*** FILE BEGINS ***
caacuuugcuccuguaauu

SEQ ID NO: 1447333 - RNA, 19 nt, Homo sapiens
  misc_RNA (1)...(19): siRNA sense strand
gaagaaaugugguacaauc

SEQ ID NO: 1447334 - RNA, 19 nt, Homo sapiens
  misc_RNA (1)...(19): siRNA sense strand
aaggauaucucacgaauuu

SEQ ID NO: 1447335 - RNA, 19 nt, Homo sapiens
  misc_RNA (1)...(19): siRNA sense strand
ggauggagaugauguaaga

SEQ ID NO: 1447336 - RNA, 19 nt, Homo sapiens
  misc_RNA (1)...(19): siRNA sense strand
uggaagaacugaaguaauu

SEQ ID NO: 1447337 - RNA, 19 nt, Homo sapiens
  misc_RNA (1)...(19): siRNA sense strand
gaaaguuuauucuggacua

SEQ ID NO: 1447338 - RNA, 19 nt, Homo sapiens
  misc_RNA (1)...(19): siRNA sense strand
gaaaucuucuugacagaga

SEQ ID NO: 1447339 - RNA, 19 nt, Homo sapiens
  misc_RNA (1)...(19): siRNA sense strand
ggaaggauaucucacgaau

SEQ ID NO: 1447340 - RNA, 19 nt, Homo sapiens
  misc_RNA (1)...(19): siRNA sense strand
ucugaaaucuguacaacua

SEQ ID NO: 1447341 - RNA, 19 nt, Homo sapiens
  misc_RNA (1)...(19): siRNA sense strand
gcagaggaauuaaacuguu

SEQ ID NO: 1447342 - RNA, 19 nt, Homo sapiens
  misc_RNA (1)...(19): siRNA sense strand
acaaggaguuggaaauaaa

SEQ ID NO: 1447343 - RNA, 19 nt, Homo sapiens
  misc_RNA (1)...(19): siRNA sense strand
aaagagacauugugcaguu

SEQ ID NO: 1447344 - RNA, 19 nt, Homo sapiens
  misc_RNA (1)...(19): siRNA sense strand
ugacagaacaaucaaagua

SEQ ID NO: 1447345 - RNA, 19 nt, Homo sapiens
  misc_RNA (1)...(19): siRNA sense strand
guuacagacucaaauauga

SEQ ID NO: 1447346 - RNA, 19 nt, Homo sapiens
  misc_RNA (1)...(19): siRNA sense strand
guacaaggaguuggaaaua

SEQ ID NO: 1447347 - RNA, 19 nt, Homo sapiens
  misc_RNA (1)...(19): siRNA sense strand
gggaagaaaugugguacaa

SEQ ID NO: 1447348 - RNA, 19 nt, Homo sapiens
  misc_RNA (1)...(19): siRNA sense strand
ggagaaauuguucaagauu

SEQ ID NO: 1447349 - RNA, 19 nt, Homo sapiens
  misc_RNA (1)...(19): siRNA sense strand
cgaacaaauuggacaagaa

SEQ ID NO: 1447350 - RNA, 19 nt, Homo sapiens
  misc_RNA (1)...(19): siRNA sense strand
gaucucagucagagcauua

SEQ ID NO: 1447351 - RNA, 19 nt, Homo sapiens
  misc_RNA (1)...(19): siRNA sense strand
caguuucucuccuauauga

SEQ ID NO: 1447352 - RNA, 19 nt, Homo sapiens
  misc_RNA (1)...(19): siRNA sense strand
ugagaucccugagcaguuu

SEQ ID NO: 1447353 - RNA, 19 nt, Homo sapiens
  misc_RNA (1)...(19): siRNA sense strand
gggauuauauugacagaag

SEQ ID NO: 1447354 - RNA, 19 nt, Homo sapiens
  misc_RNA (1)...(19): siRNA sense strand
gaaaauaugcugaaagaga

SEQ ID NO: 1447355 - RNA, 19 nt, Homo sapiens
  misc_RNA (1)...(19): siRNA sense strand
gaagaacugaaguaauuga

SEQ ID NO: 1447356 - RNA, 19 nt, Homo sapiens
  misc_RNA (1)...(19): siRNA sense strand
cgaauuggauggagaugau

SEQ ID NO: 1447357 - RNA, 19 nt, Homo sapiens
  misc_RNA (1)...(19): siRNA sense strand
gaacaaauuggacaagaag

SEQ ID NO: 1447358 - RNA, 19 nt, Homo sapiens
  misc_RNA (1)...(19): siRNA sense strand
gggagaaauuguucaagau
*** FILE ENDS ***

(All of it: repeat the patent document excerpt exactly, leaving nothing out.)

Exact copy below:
caacuuugcuccuguaauu

SEQ ID NO: 1447333 - RNA, 19 nt, Homo sapiens
  misc_RNA (1)...(19): siRNA sense strand
gaagaaaugugguacaauc

SEQ ID NO: 1447334 - RNA, 19 nt, Homo sapiens
  misc_RNA (1)...(19): siRNA sense strand
aaggauaucucacgaauuu

SEQ ID NO: 1447335 - RNA, 19 nt, Homo sapiens
  misc_RNA (1)...(19): siRNA sense strand
ggauggagaugauguaaga

SEQ ID NO: 1447336 - RNA, 19 nt, Homo sapiens
  misc_RNA (1)...(19): siRNA sense strand
uggaagaacugaaguaauu

SEQ ID NO: 1447337 - RNA, 19 nt, Homo sapiens
  misc_RNA (1)...(19): siRNA sense strand
gaaaguuuauucuggacua

SEQ ID NO: 1447338 - RNA, 19 nt, Homo sapiens
  misc_RNA (1)...(19): siRNA sense strand
gaaaucuucuugacagaga

SEQ ID NO: 1447339 - RNA, 19 nt, Homo sapiens
  misc_RNA (1)...(19): siRNA sense strand
ggaaggauaucucacgaau

SEQ ID NO: 1447340 - RNA, 19 nt, Homo sapiens
  misc_RNA (1)...(19): siRNA sense strand
ucugaaaucuguacaacua

SEQ ID NO: 1447341 - RNA, 19 nt, Homo sapiens
  misc_RNA (1)...(19): siRNA sense strand
gcagaggaauuaaacuguu

SEQ ID NO: 1447342 - RNA, 19 nt, Homo sapiens
  misc_RNA (1)...(19): siRNA sense strand
acaaggaguuggaaauaaa

SEQ ID NO: 1447343 - RNA, 19 nt, Homo sapiens
  misc_RNA (1)...(19): siRNA sense strand
aaagagacauugugcaguu

SEQ ID NO: 1447344 - RNA, 19 nt, Homo sapiens
  misc_RNA (1)...(19): siRNA sense strand
ugacagaacaaucaaagua

SEQ ID NO: 1447345 - RNA, 19 nt, Homo sapiens
  misc_RNA (1)...(19): siRNA sense strand
guuacagacucaaauauga

SEQ ID NO: 1447346 - RNA, 19 nt, Homo sapiens
  misc_RNA (1)...(19): siRNA sense strand
guacaaggaguuggaaaua

SEQ ID NO: 1447347 - RNA, 19 nt, Homo sapiens
  misc_RNA (1)...(19): siRNA sense strand
gggaagaaaugugguacaa

SEQ ID NO: 1447348 - RNA, 19 nt, Homo sapiens
  misc_RNA (1)...(19): siRNA sense strand
ggagaaauuguucaagauu

SEQ ID NO: 1447349 - RNA, 19 nt, Homo sapiens
  misc_RNA (1)...(19): siRNA sense strand
cgaacaaauuggacaagaa

SEQ ID NO: 1447350 - RNA, 19 nt, Homo sapiens
  misc_RNA (1)...(19): siRNA sense strand
gaucucagucagagcauua

SEQ ID NO: 1447351 - RNA, 19 nt, Homo sapiens
  misc_RNA (1)...(19): siRNA sense strand
caguuucucuccuauauga

SEQ ID NO: 1447352 - RNA, 19 nt, Homo sapiens
  misc_RNA (1)...(19): siRNA sense strand
ugagaucccugagcaguuu

SEQ ID NO: 1447353 - RNA, 19 nt, Homo sapiens
  misc_RNA (1)...(19): siRNA sense strand
gggauuauauugacagaag

SEQ ID NO: 1447354 - RNA, 19 nt, Homo sapiens
  misc_RNA (1)...(19): siRNA sense strand
gaaaauaugcugaaagaga

SEQ ID NO: 1447355 - RNA, 19 nt, Homo sapiens
  misc_RNA (1)...(19): siRNA sense strand
gaagaacugaaguaauuga

SEQ ID NO: 1447356 - RNA, 19 nt, Homo sapiens
  misc_RNA (1)...(19): siRNA sense strand
cgaauuggauggagaugau

SEQ ID NO: 1447357 - RNA, 19 nt, Homo sapiens
  misc_RNA (1)...(19): siRNA sense strand
gaacaaauuggacaagaag

SEQ ID NO: 1447358 - RNA, 19 nt, Homo sapiens
  misc_RNA (1)...(19): siRNA sense strand
gggagaaauuguucaagau